Tom knows I never believe anything without proof, so he provided me with one:

ops$tkyte@ORA9IR2> declare
2 x varchar2(1);
3 begin
4 if ( x = 'A' )
5 then
6 dbms_output.put_line( 'X=A' );
7 else
8 dbms_output.put_line( 'NOT X=A' );
9 end if;
11 if NOT( x = 'A' )
12 then
13 dbms_output.put_line( 'NOT X=A' );
14 else
15 dbms_output.put_line( 'X=A' );
16 end if;
17 end;
18 /

PL/SQL procedure successfully completed.

Pretty bizarre, eh? Starting to understand the behaviour of NULL? Starting to see why misunderstanding NULL can lead to application errors?

While we are discussing NULLs, here a few more useful things.

First, you can use the "set null" command to change how NULL will appear in SQLPLUS. This will not change anything in the database, or equality, it will just change the appearance.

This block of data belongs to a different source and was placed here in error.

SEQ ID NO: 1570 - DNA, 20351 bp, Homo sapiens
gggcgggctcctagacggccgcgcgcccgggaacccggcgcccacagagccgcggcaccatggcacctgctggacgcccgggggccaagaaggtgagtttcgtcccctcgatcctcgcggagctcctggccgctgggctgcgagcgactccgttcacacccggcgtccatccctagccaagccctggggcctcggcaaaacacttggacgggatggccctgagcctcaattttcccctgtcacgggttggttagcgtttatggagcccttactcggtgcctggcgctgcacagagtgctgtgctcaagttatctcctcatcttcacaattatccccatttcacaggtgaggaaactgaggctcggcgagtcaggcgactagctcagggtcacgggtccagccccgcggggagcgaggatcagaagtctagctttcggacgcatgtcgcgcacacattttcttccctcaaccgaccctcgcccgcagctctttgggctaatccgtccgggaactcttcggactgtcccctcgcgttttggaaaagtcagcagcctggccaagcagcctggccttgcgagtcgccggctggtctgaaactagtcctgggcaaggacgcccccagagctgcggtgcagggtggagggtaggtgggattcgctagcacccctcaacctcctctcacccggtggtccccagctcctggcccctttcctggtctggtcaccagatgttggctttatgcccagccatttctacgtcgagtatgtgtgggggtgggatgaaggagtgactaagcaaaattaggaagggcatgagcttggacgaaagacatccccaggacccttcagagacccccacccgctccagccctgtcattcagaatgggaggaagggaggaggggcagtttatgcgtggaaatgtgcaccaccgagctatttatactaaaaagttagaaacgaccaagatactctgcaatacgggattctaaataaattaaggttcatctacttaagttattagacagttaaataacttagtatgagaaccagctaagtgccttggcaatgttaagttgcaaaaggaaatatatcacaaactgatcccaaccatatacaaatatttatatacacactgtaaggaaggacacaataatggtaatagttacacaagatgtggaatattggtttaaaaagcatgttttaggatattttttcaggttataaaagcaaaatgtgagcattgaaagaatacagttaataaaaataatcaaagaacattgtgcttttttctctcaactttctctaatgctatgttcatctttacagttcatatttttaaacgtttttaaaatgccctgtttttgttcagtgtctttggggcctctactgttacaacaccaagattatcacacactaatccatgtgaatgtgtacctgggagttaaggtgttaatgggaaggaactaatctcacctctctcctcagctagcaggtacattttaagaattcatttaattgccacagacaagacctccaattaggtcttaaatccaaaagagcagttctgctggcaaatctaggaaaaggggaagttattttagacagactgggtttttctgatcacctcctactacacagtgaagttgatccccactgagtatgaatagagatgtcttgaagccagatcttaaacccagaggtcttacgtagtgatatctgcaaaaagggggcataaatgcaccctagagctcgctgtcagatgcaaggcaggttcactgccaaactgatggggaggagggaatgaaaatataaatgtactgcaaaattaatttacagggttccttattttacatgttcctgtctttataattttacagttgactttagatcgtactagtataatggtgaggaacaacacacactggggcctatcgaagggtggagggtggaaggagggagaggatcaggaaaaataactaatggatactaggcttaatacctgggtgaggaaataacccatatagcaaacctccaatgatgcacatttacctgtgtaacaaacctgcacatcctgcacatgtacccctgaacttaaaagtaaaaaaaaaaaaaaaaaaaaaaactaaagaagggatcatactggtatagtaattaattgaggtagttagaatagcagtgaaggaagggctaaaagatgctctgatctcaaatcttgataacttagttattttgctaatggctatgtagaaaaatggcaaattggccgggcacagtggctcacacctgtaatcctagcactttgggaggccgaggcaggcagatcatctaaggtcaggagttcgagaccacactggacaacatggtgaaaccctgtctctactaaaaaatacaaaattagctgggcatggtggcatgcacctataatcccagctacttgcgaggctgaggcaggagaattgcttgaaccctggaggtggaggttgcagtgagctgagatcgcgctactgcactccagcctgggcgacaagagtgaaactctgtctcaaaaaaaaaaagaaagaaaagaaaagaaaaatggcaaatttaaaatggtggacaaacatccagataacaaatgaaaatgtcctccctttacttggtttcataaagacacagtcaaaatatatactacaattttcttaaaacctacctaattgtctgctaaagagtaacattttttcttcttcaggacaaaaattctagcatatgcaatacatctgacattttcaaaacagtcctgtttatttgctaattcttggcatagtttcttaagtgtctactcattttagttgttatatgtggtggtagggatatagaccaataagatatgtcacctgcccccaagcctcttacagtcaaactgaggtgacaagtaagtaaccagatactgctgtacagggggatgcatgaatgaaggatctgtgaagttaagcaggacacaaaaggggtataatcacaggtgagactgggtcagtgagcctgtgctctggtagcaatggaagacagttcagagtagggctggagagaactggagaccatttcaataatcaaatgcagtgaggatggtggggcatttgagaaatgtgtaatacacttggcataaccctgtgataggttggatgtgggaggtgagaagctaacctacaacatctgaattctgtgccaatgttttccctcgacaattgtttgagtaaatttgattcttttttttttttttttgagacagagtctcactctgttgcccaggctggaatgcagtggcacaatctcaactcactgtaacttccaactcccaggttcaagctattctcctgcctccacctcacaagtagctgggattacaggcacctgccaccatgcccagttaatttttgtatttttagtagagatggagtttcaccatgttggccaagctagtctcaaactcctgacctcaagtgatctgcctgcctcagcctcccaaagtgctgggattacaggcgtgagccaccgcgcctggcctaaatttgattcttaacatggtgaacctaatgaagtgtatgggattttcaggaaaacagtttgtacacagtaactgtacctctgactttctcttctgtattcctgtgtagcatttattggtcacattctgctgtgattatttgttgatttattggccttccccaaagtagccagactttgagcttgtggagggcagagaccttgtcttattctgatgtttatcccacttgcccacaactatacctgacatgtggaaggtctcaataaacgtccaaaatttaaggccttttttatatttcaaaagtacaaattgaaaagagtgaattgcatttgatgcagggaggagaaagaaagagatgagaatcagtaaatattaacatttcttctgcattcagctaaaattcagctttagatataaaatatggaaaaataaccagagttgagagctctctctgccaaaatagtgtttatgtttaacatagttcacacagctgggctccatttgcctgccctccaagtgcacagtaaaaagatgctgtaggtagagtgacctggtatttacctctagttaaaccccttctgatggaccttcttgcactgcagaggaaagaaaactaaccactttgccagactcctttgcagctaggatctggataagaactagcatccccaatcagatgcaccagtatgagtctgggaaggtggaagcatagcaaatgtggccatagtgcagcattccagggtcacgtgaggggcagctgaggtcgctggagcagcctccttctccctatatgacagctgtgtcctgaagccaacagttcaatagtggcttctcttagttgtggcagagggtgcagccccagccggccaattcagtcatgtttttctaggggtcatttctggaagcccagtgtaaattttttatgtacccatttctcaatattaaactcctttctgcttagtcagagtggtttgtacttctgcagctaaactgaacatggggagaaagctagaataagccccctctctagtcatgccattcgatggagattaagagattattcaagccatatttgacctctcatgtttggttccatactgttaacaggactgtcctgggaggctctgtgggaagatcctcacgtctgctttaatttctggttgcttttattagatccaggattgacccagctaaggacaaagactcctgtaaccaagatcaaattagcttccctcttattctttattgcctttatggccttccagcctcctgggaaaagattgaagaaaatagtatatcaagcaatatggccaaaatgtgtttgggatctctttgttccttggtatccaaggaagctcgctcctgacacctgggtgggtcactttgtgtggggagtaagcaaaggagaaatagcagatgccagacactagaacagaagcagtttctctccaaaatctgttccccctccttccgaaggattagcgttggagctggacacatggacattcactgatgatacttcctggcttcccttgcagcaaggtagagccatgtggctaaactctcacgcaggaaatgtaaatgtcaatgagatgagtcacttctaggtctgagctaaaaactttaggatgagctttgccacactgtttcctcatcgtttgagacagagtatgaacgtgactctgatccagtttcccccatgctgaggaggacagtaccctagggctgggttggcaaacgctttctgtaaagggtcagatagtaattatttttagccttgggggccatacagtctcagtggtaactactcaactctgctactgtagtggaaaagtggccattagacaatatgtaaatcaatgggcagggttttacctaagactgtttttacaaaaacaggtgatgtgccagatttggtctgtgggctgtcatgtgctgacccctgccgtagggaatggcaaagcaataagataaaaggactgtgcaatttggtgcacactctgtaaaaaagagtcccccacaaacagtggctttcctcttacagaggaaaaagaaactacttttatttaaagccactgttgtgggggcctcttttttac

create table atable (last_name varchar(12));
insert into atable (last_name) values ('Smith');
insert into atable (last_name) values (NULL);

select * from atable;


2 rows selected.

set null [NULL];

select * from atable;


2 rows selected.

Also, you can use these two functions, nvl and nvl2:

nvl(expr_1, expr_2)
Returns expr_2 if expr_1 is null and expr_1 otherwise.

nvl2(expr_1, expr_2, expr_3)
Returns expr_3 if expr_1 is null and expr_2 otherwise.

select nvl(last_name, '[NONE]') as last_name from atable;

2 rows selected.

select nvl2(last_name, 'Y: ' || last_name,'N') as last_name from atable;

Y: Smith

2 rows selected.

Those of you who, like me, work on many different databases have hopefully seen by now that NULLs are handled differently in Oracle. As a final demonstration, consider how NULLs are handled in Sybase ASE.

In Sybase ASE (and MS SQL), there is a configuration parameter that tells the database whether to treat NULLs as they are defined in the ANSI SQL standard, or whether to "bend the rules" a bit, and allow "NULL = NULL" to be true. Furthermore, the behaviour changes depending on whether you're in a join clause or a search clause.